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« Les Brasseries du Cameroun Re-launches Pelforth Beer | Main | Achidi Achu Preaches Peace For Development »

Thursday, 26 October 2006


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Hello Mr. Egbe,

I share your views in many points you raised here, but I completely disagree with your so-called branch craze as the reason for the fall of Biz. You were probably a customer of Biz or even a shareholder, but from the level of reasoning you seemingly have, you should also be able to reason that many branches can be formed even at the beginning of a banking business, depending on the ability to cover operational and logistic costs. I am not sure you are in a position to judge Biz in this aspect.

It is true that the government should revisit rules governing finance institutions in th country, but remember that banks are also businesses that florish in a quasi-free market system. The government of Cameroon has one much work in setting fundamental laws governing such institutions and the way they handle their business and particularly customers. Don't forget that very powerful banks and other big companies like EMRON in the Western word get bankrupt despite the rigid regulatory system over here. We should not allow the government of Cameroon to havetoo much control over the banks because that same government has ben the cause of the collapse of many financ institutions in that country .. Credit Agricole, Cameroon Bank, BICIC, Meredian BIAO etc. There should be a reasonable amout of freedom in business.

There are certain things that can be going on within a company or finance institution without the government's knowledge and before it is realised, enough strategic mistakes have been made that shall cost the existence of the institution. That was the exact problem with Biz. In my opinion, it is just one person that dragged Biz into this mess. Other members of the so-called Board of Directors also contributed because they were not vigilant or smart enough to know that leaving and individual with absolute power in the name of CEO was a fatal error. Moreso, they were not even reasonable enough to call this CEO man to order when they began noticing that he was escaping questions about the state of liquidity within the bank. Before they noticed, this guy had given out much loan without sufficient collateral security. The worst of it is that he empowered his absolutely unqualified and quasi-illitrate relatives in some offices of the bank, even out of the country and entrusted significantly large sums of money under their control. Before he could realise it, the boys had squandered hundreds of millions. He too misappropriated millions of francs some orders of magnitude more than his relatives. All these emerged at once and the bank was unable to pay out and run its normal transactions even with the smallest customers. I put all the blame on this indvidual (CEO) and his collaborators who allowed him to mess up Biz. I was not only a customer but a shareholder as well. It was a mess!!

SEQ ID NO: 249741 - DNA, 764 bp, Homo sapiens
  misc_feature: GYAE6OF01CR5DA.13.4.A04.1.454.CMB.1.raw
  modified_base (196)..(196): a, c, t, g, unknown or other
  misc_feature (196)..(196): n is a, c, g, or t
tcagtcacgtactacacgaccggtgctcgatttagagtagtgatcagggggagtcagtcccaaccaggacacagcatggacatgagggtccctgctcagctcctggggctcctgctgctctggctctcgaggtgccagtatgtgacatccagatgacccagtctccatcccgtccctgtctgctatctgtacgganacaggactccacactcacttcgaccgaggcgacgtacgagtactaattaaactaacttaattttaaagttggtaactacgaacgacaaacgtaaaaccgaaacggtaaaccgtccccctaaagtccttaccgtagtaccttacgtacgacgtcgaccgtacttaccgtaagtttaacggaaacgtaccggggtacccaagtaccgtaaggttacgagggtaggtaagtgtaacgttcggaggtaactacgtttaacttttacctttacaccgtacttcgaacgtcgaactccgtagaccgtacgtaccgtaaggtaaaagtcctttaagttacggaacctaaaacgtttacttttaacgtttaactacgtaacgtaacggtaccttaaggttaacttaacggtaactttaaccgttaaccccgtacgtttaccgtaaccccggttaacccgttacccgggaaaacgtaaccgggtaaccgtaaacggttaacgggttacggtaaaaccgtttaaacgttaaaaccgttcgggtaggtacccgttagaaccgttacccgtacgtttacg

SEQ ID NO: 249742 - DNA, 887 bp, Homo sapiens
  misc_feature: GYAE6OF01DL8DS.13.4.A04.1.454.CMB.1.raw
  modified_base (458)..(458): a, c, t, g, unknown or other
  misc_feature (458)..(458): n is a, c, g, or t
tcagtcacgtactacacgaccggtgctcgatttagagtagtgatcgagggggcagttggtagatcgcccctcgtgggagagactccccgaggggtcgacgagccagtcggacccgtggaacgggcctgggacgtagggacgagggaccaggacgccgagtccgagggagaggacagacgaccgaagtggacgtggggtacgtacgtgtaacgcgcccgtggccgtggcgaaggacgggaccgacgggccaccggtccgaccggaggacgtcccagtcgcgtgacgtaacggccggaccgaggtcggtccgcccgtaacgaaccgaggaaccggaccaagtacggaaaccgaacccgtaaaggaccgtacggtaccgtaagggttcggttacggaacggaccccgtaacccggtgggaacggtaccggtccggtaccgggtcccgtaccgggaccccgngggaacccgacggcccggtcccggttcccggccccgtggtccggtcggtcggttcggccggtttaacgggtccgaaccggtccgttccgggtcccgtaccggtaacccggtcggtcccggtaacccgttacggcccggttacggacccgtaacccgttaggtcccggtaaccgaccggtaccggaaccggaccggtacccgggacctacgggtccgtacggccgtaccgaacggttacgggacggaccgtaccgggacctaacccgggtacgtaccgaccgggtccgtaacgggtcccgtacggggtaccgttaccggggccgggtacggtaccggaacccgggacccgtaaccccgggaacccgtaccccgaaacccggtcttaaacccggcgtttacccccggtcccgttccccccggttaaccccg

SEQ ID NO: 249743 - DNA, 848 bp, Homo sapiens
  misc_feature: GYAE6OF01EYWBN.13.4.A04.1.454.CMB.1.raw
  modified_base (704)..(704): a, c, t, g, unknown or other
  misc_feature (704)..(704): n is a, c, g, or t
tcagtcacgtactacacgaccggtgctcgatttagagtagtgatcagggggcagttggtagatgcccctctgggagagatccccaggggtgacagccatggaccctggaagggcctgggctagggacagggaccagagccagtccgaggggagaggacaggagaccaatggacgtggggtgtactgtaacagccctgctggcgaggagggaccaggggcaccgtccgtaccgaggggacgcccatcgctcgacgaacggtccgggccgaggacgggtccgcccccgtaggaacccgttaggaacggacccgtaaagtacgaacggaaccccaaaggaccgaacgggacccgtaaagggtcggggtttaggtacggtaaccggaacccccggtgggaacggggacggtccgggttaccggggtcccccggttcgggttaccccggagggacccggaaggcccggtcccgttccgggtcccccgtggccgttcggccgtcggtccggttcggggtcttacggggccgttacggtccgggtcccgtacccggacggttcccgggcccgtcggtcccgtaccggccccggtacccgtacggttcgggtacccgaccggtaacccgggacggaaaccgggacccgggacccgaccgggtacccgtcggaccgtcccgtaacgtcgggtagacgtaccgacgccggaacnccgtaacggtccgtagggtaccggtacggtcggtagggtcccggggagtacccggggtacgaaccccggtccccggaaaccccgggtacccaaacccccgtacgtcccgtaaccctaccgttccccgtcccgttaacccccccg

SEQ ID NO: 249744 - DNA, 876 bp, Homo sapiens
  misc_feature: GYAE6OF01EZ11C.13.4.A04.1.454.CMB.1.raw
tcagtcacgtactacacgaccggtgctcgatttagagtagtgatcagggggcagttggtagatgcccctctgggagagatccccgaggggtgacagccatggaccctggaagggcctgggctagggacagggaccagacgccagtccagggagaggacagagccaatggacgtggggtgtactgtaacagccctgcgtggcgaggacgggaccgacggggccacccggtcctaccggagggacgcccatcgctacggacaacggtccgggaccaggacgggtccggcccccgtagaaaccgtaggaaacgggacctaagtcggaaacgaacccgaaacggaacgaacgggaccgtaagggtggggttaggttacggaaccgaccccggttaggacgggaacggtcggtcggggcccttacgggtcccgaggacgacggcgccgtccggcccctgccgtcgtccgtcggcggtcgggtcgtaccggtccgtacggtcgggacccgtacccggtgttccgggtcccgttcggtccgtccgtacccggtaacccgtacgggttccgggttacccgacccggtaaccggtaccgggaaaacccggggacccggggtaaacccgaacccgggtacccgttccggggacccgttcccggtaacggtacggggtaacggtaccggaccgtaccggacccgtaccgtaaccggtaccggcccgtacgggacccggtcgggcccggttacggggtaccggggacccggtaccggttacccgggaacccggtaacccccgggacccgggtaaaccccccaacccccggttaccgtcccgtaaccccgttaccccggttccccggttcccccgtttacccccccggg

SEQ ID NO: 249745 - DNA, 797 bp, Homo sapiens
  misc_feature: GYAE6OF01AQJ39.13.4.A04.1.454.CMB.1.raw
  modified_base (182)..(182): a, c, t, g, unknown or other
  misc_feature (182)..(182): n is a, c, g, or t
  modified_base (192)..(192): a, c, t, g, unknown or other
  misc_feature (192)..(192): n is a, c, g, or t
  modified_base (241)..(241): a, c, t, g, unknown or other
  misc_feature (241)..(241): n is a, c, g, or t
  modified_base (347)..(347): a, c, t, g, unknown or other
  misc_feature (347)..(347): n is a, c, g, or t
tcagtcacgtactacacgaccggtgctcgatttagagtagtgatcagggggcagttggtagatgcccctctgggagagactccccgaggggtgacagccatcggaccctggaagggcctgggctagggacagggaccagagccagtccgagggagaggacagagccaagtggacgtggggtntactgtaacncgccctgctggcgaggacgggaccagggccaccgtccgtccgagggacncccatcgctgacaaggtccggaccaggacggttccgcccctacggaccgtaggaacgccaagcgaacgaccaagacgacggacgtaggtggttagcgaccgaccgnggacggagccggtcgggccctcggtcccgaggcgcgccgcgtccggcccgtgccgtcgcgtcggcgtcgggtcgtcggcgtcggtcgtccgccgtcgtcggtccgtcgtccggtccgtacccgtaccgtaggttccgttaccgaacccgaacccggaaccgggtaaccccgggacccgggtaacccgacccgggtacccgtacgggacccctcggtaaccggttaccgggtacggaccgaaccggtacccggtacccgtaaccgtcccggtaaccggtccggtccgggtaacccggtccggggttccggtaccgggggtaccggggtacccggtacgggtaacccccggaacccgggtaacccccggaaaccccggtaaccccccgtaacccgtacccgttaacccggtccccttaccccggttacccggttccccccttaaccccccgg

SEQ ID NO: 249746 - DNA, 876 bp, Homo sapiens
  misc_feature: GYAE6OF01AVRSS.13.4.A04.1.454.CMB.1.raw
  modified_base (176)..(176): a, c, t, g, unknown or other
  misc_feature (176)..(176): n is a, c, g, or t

Mr Egbe, the solution to the banking system mostly lies in a free market open to all. The ingenuity of entrepreneurs in the banking sector exceeds the capacity of any government that honors the rule of law.

Oh yes, all banks should be registered and there should be clear rules of operation.

When a private bank fails, depositors should have the ability to pierce the corporate wall and go after the estates and properties of bank Management and borrowers. Banks should be audited every year, etc.

In a free market economy, bankers have the right to manage and mismanage but there is no where to hide. As a result, bankers manage for profits and growth because it is a win-win situation.

In the case of ENRON cited above, one of the culprits committed suicide to escape justice on earth, the other one died of natural causes and another executive has been locked up for 25 years. Of course, these individuals lost almost all their earthly possessions.


Amazing to read back on this considering all that has happened since.

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